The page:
Make Your Home a Tree Sanctuary
Tennessee residents can now designate their property as a tree sanctuary with TUFC’s program for residences.
A tree sanctuary is a collection of trees on a property that is privately owned. Homeowners can apply to become a tree sanctuary for their own benefit or for the benefit of their community. Properties can remain closed except to family and friends or open on occasions for garden clubs and tree enthusiasts. The Tree Sanctuary program is an outgrowth of TUFC’s arboreta certification of public properties and businesses.
The certification process requires identifying at least 10 tree species on the property and submitting pictures and a map of the trees with their common and scientific names. Homeowners are also required to sign a healthy yard pledge, which includes no topping, using a certified arborist and providing proper maintenance.
Tree Sanctuary participants receive a Tennessee made outdoor plaque, subscription to our newsletter, and recognition on our website, social media pages, in our newsletter and at our conference (if desired).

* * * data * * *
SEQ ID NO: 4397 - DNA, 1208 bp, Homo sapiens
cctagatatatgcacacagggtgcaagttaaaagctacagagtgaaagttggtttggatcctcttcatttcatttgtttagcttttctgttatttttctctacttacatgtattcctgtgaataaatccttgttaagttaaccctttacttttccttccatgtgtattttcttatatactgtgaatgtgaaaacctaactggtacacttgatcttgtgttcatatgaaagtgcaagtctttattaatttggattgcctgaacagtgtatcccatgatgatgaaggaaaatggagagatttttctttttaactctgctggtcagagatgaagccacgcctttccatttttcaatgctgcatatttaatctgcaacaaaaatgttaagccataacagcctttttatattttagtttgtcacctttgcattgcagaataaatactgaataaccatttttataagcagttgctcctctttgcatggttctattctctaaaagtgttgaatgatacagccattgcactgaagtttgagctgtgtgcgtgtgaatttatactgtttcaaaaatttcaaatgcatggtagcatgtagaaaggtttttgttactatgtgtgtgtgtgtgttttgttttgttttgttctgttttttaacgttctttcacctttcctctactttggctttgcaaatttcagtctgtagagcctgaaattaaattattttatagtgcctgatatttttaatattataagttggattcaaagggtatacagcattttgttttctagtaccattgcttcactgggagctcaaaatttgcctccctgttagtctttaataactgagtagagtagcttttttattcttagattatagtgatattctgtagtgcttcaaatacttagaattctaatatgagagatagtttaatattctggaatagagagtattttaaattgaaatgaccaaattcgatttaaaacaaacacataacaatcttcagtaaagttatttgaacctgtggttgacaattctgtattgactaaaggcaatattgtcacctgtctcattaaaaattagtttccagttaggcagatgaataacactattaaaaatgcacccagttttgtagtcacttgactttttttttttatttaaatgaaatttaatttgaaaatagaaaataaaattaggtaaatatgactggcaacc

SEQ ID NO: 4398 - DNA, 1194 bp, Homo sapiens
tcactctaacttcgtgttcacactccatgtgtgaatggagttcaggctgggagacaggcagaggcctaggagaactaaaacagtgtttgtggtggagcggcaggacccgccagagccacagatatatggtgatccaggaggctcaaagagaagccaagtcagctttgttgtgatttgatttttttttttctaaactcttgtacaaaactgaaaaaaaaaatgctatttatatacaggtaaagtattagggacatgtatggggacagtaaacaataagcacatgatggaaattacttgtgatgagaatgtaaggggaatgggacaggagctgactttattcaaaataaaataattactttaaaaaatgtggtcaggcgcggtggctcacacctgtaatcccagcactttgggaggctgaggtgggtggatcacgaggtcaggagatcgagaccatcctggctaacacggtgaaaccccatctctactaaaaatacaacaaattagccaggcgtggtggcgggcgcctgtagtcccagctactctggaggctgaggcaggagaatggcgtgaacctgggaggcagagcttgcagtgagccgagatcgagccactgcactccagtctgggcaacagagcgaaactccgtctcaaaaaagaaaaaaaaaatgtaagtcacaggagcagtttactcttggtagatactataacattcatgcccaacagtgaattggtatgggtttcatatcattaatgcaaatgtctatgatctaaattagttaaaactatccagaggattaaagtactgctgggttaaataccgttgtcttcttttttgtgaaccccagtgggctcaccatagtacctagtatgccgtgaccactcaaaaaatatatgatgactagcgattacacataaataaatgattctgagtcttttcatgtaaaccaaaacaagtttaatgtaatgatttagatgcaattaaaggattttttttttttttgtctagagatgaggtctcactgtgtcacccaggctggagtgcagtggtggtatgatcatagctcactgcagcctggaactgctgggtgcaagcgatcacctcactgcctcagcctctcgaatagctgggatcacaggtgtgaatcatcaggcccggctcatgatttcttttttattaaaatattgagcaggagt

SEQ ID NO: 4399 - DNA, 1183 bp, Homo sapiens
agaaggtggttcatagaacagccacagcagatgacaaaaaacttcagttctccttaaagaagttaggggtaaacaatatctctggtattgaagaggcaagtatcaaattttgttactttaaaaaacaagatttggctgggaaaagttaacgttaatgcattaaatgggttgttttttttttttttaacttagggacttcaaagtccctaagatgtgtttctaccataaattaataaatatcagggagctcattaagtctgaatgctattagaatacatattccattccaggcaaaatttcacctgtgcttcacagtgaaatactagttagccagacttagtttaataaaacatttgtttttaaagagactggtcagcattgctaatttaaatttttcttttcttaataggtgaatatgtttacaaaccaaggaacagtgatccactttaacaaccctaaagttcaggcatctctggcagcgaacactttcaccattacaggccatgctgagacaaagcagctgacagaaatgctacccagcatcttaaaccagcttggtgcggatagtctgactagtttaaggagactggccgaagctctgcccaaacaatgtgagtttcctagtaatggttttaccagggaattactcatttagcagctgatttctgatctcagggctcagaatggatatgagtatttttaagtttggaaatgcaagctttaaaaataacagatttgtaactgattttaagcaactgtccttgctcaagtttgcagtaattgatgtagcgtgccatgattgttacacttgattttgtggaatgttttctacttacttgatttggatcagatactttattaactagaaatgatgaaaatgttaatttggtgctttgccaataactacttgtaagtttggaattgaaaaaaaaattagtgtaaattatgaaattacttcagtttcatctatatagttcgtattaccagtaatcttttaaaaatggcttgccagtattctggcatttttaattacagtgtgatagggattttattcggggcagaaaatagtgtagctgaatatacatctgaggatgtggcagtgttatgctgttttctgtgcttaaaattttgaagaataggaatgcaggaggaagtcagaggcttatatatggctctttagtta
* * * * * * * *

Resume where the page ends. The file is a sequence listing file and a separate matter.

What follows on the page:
Deadlines for Submission
- Twice per Year: June 30th and October 31st
- Applications processed and plaques mailed out during the month after deadline.
Tree Sanctuary Certification Costs
- Current TUFC Members: $75
- Non-members: $125
- Replacement of original plaque: $35
Click here to complete Tree Sanctuary Application
Tree Sanctuary Information Guide for Homeowners
Tennessee Tree Sanctuaries
- Anonymous, Memphis, 20 trees (2016)
- Walker Tree Sanctuary, Ripley, 36 trees (2016)
- Orion Hill Tree Sanctuary, Arlington, 27 trees (2018)
- Shawnee Waters, Gallatin, 120+ trees (2016)
- Marty and Kristin Shaw Tree Sanctuary, Franklin, 50+ trees (2017)
- Roger and Thorunn McCoy Tree Sanctuary, Nashville, 34 trees (2017)
- Anonymous, White House, 21 trees (2017)
- Frances and Roddie Peebles Tree Sanctuary, Nashville, 30 trees (2018)
- William Worrall and Jim Gregory Tree Sanctuary, Nashville, 23 trees (2018)
- Cortese Tree Sanctuary, Knoxville, 33+ trees (2016)
- Linden Craig and Mike Talley Tree Sanctuary, Knoxville, 16+ trees (2017)
- Douglas Airhart Tree Sanctuary, Cookeville, 18 trees (2017)
- Anonymous, Knoxville, 17 trees (2017)
- Ed and Suzanne Buck Tree Sanctuary, Cookeville, 22 trees (2017)